On August 25 2018, Senator John McCain passed away at the age of 81 from a year-long battle with brain cancer. He had served in The U.S. Senate for over 30 years. During his tenure as an Arizonan Senator, he earned the title of a Maverick because of his service in the navy and his willingness to act independently from The Republican party. One of the most famous instances of this was his choice to vote against the repeal of The Affordable Care Act.
John McCain’s Legacy with Foreign Aid
He left behind him a complex voting and ideological history that included John McCain’s legacy with foreign aid. While he was a strong believer in defense spending and military intervention, he was a strong supporter of foreign aid spending as well. To McCain, one of the best ways to ensure America’s safety was to invest in other countries.
One of the best examples of John McCain’s legacy with foreign aid was in 2017. President Donald Trump’s budget plan for 2018 included cuts to foreign affairs spending, which includes foreign aid. The cuts totaled roughly $18 billion. One of the countries that would have suffered the most was the small North African country of Tunisia. In 2016 the country had received $177 million dollars; in the new budget, they would receive only $54 million dollars.
Sen. McCain spoke against the proposed cuts, wrote several opinion pieces and released a joint memo with Sen. Tim Kaine. In a forum, Sen. McCain promised that funding towards Tunisia would be restored. Funding to Tunisia is important because several Tunisians had been recruited into ISIS and many would return as ISIS lost territory in Syria and Iran. Sen. McCain asked, “haven’t we learned our lesson?” He also cited that Tunisia was important in the fight against ISIS and that cutting foreign aid to Tunisia was both “misguided and dangerous.”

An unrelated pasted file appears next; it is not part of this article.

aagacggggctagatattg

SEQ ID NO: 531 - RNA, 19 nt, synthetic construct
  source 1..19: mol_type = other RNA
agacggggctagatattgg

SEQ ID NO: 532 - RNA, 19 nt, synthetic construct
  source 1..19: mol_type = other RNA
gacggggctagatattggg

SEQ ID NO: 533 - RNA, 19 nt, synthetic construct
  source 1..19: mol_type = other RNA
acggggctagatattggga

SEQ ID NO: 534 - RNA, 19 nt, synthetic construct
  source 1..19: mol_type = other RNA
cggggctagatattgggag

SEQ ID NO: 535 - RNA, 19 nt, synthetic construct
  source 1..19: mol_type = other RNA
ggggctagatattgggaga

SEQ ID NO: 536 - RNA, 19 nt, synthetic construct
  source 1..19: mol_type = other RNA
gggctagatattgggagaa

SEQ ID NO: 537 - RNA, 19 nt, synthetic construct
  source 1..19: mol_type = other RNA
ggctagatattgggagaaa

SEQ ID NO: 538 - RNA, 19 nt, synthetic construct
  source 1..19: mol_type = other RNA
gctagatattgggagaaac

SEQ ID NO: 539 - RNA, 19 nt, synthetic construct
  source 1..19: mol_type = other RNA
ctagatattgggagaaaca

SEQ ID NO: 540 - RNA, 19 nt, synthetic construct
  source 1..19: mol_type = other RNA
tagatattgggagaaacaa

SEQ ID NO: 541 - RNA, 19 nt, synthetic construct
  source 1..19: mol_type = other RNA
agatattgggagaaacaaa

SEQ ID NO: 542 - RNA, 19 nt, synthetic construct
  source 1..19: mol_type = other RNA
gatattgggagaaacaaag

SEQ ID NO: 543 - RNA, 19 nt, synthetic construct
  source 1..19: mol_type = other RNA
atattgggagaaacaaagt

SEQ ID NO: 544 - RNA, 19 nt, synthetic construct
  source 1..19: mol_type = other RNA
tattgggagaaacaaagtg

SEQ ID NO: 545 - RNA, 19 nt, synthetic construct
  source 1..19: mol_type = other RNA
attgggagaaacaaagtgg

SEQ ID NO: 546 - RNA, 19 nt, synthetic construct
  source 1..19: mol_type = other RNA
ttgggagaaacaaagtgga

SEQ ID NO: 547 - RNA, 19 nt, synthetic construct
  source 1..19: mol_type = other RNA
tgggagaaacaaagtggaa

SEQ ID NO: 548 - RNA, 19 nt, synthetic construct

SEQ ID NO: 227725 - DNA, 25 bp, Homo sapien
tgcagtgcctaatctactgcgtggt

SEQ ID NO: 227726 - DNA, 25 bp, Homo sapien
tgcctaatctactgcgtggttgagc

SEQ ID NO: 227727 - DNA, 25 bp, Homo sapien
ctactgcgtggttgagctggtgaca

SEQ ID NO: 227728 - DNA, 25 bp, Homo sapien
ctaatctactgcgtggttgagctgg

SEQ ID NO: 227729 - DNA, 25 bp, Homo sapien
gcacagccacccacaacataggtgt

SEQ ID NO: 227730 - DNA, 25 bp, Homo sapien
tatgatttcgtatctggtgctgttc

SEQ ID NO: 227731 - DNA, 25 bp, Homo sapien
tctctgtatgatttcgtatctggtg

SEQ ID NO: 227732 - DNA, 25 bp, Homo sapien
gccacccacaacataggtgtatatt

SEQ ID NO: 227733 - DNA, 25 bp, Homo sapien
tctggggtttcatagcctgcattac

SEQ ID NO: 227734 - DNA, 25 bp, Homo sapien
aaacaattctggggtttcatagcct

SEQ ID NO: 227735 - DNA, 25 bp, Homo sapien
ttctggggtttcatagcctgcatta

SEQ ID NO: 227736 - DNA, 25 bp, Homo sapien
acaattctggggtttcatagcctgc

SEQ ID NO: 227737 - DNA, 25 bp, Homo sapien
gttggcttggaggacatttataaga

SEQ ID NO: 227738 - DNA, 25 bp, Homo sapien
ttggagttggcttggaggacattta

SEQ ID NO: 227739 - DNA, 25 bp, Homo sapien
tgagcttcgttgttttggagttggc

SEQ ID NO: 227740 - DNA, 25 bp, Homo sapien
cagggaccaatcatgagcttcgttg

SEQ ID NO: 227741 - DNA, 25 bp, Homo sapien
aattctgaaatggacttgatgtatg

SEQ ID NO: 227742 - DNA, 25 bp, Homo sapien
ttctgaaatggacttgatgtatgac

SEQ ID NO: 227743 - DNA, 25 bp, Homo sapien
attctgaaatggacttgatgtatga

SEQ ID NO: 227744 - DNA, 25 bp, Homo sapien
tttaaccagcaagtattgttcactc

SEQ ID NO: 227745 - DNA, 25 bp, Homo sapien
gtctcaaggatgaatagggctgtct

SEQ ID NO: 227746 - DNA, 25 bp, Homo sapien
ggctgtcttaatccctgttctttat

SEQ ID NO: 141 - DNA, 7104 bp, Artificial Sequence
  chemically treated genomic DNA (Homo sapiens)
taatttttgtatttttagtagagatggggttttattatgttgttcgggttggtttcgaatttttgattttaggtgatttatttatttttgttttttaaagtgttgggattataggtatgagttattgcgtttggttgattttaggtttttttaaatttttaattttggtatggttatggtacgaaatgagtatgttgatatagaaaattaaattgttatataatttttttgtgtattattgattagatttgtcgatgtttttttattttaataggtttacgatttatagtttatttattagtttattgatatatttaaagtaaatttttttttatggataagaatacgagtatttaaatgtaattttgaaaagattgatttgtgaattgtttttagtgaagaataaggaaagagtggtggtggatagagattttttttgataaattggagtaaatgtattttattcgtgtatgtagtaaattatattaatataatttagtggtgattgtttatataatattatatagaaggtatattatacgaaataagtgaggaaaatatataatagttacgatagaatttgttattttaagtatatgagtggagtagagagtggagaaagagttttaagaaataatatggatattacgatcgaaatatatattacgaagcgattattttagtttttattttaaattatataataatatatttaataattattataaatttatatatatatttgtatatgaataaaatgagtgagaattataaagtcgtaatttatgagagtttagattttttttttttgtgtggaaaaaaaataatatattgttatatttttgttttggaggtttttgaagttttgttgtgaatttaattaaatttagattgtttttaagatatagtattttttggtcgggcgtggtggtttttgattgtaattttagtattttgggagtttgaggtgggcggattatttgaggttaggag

A Memo to Congress
On June 15, 2017, Sen. McCain and Sen. Kaine released a joint memo urging Congress not to cut foreign aid. At the beginning of the article, McCain and Kaine used a famous quote from James Mattis, who now serves as the Defense Secretary under President Trump, “if you don’t fully fund The State Department, then I need to buy more ammunition.”
The memo cited that helping developing countries is one of the best routes to achieving a safer world. It states, “[s]uch cuts will make it harder to make America safer”. It also discussed how improving economies in developing countries can help improve the United States economy because it creates more of a demand for American goods and services.
The memo backs this claim by examining how aid in Africa paid off. “By improving their plight, we improved opportunities for our exports and investments.” A majority of the world’s fastest growing economies are now in Africa. It also addressed some of the misconceptions surrounding foreign aid, including that, in reality, The United States only spends roughly 1 percent of the budget on foreign assistance.
Following Sen. McCain and several other Congressional leaders’ dissent, the Trump Administration did not cut the foreign aid budget nearly as much as it intended to. The foreign affairs budget was only cut by roughly $4 billion instead of the proposed $18 billion.
Sen. McCain’s defense of foreign aid helped stop the President from severely cutting spending. While he was once considered a Warhawk, he understood the importance of foreign aid as another tool of defense for The United States. John McCain’s legacy with foreign aid will remain as an example long after his passing.
– Drew Garbe